I just spent five days in Hong Kong, and was shocked by how it shattered my preconceived notions of what it was all about. Perhaps my perceptions have changed having lived in Jakarta and Manila since 2002, but I had expected something more gritty, more industrial, and definitely less green. I was pleasantly surprised by the bustling city; I found it exciting and cleaner than expected.
I was in a conference for half of my stay, so unfortunately didn’t have time to wander around too far. And yet, I’d say I did quite well with the limited time available.
Coincidentally, I just finished reading Clavell’s “Tai-Pan” this summer, offering a glimpse into the history of Hong Kong. Being there in person, it’s hard to imagine how it must have felt to first set up trade and how daunting this island would have been considering there’s very little flat land. Rising almost immediately from the sea, it’s a true testament to humans ability to make due with what is offered.
The conference was held in a location nestled in the mountains snuggling a peaceful lake. The daily route we took wound through roads carved from the rocks, passing Ferrari, Porsche, Lotus, Bentley, Rolls, amongst others. I haven’t seen so many supercars in one place since the Detroit Auto Show.
And supermodels? Well true there were many stunning women, but that was just to get you to read this far.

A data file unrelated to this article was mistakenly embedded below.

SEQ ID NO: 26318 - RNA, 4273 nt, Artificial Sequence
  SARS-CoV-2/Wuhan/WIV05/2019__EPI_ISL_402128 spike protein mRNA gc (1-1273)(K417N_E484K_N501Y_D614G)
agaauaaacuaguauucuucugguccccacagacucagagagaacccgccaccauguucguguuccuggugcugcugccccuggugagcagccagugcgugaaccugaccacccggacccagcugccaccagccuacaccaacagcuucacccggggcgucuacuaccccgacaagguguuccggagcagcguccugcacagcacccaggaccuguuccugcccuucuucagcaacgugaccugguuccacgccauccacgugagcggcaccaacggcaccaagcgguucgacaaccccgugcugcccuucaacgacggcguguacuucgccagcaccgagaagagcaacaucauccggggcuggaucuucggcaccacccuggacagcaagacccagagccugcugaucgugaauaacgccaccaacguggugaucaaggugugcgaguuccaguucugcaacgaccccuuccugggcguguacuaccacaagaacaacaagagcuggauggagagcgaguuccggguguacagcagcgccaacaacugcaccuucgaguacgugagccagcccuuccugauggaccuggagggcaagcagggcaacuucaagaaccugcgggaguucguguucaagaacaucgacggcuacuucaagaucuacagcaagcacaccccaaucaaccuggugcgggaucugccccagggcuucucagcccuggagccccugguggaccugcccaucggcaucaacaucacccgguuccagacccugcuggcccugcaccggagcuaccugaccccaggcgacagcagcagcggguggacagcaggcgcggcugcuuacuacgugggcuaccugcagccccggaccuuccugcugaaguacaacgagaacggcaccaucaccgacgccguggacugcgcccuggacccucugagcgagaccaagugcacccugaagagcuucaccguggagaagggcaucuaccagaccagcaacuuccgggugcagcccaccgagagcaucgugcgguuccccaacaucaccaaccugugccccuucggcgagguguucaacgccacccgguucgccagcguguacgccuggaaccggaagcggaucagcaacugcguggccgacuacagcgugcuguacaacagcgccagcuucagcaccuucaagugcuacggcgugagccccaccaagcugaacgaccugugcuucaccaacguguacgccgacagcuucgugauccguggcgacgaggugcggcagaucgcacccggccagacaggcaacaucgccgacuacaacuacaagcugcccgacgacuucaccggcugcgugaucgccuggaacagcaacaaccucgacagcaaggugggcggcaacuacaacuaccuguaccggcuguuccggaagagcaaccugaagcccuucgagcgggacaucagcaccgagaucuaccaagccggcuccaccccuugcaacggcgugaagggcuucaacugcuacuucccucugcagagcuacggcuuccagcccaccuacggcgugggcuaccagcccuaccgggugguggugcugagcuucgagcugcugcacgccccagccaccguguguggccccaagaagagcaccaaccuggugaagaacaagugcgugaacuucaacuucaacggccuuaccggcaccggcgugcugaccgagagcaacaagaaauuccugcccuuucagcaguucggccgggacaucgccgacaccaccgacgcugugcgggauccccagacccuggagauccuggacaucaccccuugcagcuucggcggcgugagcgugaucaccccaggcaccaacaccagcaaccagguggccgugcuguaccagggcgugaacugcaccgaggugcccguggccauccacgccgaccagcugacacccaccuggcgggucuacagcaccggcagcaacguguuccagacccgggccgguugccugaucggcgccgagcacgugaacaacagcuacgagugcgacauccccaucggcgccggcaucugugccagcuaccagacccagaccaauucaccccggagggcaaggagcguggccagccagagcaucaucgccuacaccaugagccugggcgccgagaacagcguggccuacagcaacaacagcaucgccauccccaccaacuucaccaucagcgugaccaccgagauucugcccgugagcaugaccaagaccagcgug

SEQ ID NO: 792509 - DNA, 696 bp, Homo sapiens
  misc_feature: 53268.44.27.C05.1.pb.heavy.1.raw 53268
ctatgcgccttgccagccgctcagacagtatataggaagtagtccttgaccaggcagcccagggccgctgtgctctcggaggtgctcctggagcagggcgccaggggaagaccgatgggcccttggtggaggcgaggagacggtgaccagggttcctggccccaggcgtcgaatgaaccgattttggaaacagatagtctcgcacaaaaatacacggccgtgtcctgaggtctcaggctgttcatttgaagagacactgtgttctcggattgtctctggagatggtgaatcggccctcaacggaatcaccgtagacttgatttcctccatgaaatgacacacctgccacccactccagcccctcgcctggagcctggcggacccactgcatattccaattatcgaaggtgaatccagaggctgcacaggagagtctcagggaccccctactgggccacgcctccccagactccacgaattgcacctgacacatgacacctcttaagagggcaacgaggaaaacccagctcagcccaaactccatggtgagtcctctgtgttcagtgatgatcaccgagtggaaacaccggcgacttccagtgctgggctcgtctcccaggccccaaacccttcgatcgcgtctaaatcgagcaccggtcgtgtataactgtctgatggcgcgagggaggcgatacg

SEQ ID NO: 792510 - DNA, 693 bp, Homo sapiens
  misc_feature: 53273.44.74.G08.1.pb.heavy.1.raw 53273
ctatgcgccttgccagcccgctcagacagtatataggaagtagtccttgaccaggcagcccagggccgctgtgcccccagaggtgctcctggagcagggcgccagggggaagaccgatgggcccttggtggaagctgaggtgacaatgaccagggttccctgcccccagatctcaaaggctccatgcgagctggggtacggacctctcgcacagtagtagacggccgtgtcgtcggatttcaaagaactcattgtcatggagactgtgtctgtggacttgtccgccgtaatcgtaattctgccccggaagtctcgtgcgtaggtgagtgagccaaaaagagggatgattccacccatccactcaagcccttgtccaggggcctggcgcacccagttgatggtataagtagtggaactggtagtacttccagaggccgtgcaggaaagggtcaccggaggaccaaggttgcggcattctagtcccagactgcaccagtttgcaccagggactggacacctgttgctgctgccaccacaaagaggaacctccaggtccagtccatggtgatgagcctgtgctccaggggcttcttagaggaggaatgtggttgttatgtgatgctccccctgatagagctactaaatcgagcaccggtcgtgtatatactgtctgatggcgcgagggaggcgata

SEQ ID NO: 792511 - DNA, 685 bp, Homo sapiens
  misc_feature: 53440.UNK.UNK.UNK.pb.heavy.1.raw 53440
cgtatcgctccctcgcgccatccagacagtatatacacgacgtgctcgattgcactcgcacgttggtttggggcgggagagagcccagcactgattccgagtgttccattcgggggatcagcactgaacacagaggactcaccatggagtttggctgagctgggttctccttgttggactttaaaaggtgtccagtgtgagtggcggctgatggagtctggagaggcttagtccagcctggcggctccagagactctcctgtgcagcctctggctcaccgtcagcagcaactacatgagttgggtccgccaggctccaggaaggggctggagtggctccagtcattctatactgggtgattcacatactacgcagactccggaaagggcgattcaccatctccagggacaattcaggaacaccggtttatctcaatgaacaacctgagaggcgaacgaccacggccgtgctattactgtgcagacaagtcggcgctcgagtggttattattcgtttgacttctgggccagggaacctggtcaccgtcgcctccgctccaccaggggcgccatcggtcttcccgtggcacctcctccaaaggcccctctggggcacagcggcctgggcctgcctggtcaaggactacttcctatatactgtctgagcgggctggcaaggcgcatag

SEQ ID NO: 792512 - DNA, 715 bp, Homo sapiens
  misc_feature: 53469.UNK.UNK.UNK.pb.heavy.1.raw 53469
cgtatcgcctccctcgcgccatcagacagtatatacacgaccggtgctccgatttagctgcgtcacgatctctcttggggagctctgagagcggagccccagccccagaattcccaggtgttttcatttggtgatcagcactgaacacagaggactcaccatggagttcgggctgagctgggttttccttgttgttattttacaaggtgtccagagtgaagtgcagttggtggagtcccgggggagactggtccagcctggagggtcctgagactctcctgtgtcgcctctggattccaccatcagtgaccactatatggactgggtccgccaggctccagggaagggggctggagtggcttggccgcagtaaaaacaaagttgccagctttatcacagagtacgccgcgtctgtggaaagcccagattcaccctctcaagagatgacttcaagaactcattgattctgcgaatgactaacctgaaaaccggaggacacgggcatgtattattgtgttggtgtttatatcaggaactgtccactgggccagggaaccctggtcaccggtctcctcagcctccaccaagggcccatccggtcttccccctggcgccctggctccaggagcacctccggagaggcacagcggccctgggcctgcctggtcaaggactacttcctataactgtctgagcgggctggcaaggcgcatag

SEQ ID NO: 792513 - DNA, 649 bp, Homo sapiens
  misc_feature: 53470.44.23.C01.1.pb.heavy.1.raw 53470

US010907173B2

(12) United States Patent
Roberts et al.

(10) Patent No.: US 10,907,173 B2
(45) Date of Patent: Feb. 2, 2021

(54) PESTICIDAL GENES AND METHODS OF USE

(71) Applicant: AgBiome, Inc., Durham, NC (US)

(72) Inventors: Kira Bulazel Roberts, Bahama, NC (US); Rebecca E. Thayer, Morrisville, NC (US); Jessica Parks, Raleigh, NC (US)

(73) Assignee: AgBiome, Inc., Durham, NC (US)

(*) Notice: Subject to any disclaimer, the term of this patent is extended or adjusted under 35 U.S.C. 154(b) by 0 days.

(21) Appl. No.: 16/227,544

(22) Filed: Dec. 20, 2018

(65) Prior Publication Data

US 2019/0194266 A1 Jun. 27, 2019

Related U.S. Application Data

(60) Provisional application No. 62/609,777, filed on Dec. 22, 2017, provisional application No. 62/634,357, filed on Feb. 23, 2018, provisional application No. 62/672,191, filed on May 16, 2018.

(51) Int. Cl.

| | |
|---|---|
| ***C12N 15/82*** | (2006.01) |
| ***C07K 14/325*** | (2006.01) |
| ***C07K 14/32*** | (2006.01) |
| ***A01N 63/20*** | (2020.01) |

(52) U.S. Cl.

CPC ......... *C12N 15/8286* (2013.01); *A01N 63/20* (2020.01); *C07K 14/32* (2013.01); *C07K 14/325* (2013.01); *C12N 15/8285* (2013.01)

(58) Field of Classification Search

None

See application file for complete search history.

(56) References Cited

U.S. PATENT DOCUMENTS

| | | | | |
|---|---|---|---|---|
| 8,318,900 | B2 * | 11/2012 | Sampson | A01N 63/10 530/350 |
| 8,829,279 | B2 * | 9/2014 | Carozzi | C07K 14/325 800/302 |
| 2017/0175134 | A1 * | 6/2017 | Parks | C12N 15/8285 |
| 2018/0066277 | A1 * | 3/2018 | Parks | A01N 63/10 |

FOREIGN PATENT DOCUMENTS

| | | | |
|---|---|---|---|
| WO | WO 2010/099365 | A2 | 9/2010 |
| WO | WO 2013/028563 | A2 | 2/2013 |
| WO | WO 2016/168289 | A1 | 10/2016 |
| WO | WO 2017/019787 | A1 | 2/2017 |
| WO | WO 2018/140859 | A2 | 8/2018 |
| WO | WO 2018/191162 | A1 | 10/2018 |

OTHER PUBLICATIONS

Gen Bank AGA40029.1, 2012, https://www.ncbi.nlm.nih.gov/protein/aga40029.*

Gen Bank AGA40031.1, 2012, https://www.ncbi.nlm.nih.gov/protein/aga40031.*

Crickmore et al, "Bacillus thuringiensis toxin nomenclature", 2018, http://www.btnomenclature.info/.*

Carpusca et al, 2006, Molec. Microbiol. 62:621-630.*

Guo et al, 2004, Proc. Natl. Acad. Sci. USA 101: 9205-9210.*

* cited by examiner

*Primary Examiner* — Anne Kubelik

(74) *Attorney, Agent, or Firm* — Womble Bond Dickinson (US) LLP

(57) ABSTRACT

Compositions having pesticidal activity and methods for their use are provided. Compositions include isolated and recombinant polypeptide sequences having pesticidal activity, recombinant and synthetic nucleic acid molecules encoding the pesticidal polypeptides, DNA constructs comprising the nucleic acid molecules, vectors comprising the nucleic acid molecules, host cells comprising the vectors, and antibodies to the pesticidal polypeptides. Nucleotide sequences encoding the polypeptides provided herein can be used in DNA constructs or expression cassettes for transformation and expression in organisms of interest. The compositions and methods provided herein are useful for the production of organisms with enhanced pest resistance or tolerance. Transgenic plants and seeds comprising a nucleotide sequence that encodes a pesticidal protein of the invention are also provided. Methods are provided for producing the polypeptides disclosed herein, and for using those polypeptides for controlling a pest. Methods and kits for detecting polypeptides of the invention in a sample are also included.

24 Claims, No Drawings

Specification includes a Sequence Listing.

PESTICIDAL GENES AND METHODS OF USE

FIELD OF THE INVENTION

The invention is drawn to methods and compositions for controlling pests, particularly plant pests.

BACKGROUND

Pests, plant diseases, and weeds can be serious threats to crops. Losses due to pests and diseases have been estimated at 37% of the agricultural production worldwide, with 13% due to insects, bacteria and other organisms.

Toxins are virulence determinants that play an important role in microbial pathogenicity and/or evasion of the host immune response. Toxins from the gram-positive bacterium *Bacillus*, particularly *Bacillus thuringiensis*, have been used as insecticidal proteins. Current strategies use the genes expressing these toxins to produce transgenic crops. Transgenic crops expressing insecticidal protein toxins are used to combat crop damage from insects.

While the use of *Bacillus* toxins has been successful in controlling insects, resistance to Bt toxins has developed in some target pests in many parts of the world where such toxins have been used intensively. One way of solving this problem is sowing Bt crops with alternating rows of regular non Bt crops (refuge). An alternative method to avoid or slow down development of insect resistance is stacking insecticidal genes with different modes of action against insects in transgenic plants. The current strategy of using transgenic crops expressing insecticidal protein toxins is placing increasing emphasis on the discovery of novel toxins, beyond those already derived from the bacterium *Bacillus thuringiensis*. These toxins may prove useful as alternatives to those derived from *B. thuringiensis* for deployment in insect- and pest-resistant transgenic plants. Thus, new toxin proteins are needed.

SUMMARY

What most surprised me was the tranquility found while hiking near the Peak. Lush green trails, with hardly a whisper from the city below providing an ideal getaway from what is one of the most densely populated cities in the world.
For you fact lovers, take in this passage from Wikipedia:
Hong Kong has the world’s greatest number of skyscrapers, at 7,650. The high density and tall skyline of Hong Kong’s urban area is due to a lack of available sprawl space, with the average distance from the harbour front to the steep hills of Hong Kong Island at 1.3Â km (0.8Â mi). This lack of space causing demand for dense, high-rise offices and housing, has resulted in 36 of the world’s 100 tallest residential buildings being in Hong Kong, and more people living or working above the 14th floor than anywhere else on Earth, making it the world’s most vertical city.
In addition to hiking the Peak, I had a chance to visit Stanley; a quaint seaside community.
Kowloon, in the evening looking back across the harbor. And I had a few evenings of walking around the Times Square area since my hotel was near there. I would have loved to venture out to other islands, and taken in more of the Kowloon side of things, but with what time I had, I feel satisfied with what was accomplished.
A great aspect of living in Manila is the proximity to other destinations. It’s only a 90 minute flight to Hong Kong, so I’ll surely be back again within the year to explore more of what it has to offer. All in all, it was a very positive experience and my first taste of China. With Novita being half Chinese, I believe she’ll be keen to explore some of the mainland as well very soon.